An interdisciplinary team at the Advanced Quantum Testbed (AQT) at Lawrence Berkeley National Laboratory (Berkeley Lab) and the University of California, Berkeley’s Quantum Nanoelectronics Laboratory (QNL) achieved a technical breakthrough using qutrits—three levels of system—of a superconducting quantum processor. .
The team has successfully linked two transmon qutrits with gate fidelity higher than previous works, thus getting closer to enabling ternary logic to encode more information than their binary counterparts—qubits.
Published in Communication in Nature in December 2022 and shown as an editor’s highlight, this experimental success drives the research and development of the AQT qutrit, including previous experimental successes published in 2021 in Physical Review X and Physical Review Letters. Ternary quantum information processors offer significant potential advantages in quantum simulation and error correction, as well as the ability to improve certain quantum algorithms and applications.
Application of ternary quantum information processing
A superconducting circuit, like a qubit, uses microwave-induced logical gate operations for control. However, ternary quantum logic has a more complex state space and noise environment, which makes one and two qutrit-logic gates at short times difficult to control.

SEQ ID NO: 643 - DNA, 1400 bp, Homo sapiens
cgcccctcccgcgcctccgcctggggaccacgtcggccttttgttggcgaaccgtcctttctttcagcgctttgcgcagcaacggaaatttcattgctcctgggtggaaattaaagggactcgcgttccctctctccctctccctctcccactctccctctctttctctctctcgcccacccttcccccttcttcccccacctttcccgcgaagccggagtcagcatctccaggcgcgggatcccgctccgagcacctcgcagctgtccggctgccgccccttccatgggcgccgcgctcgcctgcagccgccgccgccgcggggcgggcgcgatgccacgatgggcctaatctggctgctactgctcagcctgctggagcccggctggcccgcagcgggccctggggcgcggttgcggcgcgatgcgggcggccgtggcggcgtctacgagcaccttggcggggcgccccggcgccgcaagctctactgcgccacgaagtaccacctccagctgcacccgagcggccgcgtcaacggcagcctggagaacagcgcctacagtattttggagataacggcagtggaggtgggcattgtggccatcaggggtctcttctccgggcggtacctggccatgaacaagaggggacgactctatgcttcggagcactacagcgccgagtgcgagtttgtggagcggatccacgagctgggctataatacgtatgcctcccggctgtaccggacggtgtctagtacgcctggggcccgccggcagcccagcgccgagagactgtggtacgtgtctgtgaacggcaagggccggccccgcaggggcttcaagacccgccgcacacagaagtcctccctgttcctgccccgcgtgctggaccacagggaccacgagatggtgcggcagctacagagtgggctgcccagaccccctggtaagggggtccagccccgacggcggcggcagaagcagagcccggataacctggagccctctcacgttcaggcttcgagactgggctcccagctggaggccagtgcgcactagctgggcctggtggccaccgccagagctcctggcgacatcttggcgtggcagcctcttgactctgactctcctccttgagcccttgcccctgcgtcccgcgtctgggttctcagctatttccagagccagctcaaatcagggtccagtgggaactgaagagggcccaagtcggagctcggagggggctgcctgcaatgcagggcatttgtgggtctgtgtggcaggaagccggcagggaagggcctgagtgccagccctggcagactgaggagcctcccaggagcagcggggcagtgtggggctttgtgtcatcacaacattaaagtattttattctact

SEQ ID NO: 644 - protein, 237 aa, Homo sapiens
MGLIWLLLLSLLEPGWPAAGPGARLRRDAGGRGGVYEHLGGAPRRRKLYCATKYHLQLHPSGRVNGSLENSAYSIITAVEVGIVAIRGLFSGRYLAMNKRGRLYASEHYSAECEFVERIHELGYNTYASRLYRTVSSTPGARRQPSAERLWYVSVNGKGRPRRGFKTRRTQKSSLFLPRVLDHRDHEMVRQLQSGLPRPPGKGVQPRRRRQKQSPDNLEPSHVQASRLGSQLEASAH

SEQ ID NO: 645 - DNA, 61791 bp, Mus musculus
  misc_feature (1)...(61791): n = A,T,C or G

Recent advances in materials science and device design have improved the connectivity of superconducting devices, making it easier to control qutrits, which are often more susceptible to noise. To fully utilize the power of a qutrits processor, however, it is necessary to implement operations with high control over individual qutrits, but also to cover neighboring qutrits with high fidelity and flexibility. control.
Research teams have already demonstrated single qutrit operations with high fidelity. However, gate mining speed has been compromised so far by relying on a slow and static interaction that is always “on.” Facilitating this static interaction without the ability to tune it adds unwanted noise, crosstalk, and errors to the system.
The team leading the demonstration expanded on AQT’s state-of-the-art research to implement faster, flexible, and tunable microwave-activated entanglement between two transmon qutrits with fixed frequency and fixed coupling. This new method of qutrit entanglement has created two universal two-qutrit gates, the controlled-Z gate (CZ) and the controlled-Z inverse gate (CZ+).
Using cycle benchmarking methods from AQT’s previous qutrit work with industry collaborator, Keysight Technologies, the team measured a process fidelity for the two-qutrit entangling gate of up to 97.3%, reducing infidelity from previous efforts by by a factor of almost four. In addition, for the first time in the study of qutrits, AQT researchers applied and generalized another established protocol—cross-entropy benchmarking—for gate noise detection and fidelity determination. in gate operations.
Exploring new frontiers in quantum physics